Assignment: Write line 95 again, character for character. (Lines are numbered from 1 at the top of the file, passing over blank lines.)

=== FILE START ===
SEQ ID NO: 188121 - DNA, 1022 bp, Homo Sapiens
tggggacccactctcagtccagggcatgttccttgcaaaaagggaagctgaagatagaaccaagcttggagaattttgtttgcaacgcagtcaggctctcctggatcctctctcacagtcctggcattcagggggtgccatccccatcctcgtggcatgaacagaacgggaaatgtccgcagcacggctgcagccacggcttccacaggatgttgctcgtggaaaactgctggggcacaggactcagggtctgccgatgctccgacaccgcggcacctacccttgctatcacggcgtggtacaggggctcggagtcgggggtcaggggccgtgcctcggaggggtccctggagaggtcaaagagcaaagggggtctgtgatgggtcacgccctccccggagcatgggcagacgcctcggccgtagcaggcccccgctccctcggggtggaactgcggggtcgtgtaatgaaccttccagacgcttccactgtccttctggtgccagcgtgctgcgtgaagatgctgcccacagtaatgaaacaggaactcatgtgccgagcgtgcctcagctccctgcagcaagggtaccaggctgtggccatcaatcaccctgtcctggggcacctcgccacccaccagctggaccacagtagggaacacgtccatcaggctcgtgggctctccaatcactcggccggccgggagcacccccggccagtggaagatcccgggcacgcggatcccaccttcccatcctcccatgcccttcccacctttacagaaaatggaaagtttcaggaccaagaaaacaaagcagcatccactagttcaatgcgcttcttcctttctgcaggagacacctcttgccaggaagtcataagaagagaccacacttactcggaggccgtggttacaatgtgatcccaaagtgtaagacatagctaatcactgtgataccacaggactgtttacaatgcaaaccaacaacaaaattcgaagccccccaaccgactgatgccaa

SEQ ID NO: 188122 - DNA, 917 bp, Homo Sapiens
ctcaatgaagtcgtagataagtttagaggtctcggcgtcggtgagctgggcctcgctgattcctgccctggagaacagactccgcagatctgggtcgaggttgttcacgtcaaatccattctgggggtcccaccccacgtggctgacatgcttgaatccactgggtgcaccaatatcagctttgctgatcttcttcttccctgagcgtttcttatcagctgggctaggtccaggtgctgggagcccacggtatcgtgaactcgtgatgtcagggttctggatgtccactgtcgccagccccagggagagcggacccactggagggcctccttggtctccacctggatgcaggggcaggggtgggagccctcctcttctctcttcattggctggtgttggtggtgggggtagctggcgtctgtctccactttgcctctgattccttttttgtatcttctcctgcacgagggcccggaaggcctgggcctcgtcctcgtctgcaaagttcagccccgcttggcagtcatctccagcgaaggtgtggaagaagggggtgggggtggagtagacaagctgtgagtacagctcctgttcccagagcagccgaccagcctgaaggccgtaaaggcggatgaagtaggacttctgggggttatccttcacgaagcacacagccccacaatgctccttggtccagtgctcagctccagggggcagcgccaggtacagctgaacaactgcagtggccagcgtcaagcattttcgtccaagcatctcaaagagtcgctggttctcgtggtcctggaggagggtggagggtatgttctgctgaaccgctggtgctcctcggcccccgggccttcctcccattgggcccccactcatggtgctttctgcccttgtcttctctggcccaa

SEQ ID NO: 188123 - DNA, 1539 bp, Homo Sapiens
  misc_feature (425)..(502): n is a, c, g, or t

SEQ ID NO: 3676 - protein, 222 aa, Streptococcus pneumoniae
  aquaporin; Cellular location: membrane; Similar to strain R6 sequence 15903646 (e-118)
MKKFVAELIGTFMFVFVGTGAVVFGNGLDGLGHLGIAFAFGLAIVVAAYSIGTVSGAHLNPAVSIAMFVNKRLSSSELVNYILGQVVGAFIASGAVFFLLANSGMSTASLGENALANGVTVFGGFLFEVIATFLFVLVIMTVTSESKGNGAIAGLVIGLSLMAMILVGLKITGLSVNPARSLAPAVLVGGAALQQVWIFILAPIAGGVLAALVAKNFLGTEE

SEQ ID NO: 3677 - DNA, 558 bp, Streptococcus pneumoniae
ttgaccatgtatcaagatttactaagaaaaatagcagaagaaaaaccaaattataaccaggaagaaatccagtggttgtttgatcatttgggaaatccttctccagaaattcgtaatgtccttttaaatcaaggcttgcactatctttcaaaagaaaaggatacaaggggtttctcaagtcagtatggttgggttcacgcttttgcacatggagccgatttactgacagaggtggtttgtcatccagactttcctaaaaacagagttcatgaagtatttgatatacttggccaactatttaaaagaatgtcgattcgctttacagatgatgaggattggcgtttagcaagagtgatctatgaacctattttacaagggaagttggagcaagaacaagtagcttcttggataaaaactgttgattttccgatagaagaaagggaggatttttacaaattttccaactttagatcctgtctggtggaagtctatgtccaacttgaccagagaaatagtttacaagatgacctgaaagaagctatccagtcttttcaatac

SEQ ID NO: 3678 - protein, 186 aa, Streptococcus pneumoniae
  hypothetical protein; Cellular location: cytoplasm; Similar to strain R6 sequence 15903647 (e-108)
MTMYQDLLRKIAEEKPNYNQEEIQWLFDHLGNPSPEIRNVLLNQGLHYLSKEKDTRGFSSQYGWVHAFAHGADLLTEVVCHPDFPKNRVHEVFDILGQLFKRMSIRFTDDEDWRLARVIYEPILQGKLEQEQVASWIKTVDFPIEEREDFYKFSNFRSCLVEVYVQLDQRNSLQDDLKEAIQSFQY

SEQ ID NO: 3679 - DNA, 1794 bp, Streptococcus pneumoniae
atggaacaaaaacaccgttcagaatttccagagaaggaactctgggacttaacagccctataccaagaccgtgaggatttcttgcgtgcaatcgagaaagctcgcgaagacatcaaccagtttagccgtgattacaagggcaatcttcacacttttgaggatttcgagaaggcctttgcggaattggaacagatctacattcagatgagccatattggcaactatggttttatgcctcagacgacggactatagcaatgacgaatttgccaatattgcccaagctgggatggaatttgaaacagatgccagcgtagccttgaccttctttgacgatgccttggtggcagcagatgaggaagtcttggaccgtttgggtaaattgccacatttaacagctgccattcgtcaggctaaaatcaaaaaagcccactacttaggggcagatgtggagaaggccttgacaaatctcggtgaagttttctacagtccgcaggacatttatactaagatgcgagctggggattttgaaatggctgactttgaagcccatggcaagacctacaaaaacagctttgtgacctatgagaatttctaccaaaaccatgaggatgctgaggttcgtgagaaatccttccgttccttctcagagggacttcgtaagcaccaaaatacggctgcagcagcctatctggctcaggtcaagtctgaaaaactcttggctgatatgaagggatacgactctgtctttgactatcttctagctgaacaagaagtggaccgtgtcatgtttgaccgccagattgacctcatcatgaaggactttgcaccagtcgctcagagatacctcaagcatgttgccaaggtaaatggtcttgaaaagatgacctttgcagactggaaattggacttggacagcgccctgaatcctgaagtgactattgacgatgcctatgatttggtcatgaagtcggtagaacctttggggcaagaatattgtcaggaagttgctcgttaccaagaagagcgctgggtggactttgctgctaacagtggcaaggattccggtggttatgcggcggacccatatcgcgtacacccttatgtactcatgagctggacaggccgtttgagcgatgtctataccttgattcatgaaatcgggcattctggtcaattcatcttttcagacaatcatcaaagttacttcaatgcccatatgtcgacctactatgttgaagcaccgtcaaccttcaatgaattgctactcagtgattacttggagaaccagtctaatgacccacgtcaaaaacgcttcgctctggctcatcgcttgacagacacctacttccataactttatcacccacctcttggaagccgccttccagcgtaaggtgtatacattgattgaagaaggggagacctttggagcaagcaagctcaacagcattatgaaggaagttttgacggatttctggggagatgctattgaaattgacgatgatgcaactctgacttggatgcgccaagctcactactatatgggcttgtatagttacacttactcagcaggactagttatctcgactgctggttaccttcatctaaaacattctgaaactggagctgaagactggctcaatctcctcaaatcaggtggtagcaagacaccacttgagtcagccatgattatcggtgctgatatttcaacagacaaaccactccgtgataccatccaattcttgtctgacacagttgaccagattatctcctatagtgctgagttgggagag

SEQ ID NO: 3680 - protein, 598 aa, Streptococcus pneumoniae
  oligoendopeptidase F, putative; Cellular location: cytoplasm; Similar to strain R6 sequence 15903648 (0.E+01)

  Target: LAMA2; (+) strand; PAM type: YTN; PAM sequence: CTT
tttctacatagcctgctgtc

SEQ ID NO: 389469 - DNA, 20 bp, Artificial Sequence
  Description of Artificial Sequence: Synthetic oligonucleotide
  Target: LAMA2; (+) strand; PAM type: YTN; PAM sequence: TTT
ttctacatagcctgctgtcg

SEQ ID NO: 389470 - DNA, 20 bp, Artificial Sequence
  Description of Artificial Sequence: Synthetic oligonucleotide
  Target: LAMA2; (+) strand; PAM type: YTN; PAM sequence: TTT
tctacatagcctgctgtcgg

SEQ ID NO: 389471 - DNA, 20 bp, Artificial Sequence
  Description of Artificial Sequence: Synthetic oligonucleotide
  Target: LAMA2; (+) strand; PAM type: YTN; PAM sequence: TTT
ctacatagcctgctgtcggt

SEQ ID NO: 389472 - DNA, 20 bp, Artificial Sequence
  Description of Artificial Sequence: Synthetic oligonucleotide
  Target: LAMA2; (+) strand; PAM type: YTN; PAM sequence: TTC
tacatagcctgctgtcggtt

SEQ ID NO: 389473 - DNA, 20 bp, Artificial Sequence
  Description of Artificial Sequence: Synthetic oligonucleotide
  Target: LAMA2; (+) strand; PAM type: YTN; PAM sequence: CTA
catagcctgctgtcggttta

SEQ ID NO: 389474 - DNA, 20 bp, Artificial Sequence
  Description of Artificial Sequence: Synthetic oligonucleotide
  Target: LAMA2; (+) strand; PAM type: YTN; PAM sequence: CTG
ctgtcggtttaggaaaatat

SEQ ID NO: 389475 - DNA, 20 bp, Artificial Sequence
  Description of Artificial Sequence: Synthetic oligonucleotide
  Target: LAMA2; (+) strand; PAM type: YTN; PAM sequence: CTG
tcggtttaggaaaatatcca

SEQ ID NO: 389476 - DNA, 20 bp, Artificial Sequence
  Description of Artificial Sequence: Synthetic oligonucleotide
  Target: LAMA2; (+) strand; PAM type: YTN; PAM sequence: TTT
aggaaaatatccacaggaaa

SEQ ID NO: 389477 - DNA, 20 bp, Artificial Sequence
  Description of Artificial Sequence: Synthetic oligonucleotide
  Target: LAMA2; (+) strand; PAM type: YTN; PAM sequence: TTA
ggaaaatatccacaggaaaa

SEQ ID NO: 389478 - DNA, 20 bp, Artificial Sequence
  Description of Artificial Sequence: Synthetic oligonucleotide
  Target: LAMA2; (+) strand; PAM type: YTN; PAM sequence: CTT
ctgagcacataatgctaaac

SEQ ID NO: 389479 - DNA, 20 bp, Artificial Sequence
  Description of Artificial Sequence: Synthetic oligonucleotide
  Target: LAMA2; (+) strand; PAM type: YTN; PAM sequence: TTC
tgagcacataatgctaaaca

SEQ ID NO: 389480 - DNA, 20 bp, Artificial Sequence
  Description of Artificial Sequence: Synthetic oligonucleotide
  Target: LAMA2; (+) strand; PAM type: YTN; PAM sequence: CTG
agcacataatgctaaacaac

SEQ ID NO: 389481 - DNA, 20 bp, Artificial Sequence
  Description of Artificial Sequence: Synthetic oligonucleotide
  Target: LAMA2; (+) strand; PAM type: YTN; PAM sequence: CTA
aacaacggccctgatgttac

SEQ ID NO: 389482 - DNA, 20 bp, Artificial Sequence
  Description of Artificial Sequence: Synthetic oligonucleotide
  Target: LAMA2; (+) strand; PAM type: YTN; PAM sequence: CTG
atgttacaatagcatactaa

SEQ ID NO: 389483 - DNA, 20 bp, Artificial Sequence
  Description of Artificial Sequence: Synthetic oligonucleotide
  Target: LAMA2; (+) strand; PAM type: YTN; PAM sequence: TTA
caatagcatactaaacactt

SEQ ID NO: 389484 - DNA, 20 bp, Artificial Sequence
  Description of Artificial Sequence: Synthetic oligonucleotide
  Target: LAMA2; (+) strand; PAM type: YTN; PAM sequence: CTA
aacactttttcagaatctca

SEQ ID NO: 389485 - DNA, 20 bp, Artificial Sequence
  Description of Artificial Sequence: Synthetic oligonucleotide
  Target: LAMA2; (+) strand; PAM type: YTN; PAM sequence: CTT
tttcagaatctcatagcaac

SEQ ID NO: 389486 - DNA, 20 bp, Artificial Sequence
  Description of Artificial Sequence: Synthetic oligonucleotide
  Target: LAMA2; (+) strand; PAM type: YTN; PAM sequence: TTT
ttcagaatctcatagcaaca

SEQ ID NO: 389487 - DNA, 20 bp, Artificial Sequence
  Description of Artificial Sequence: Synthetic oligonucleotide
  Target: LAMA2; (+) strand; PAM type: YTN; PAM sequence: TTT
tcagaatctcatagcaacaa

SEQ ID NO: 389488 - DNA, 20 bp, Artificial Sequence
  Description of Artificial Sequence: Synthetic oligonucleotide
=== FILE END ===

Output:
  Target: LAMA2; (+) strand; PAM type: YTN; PAM sequence: TTT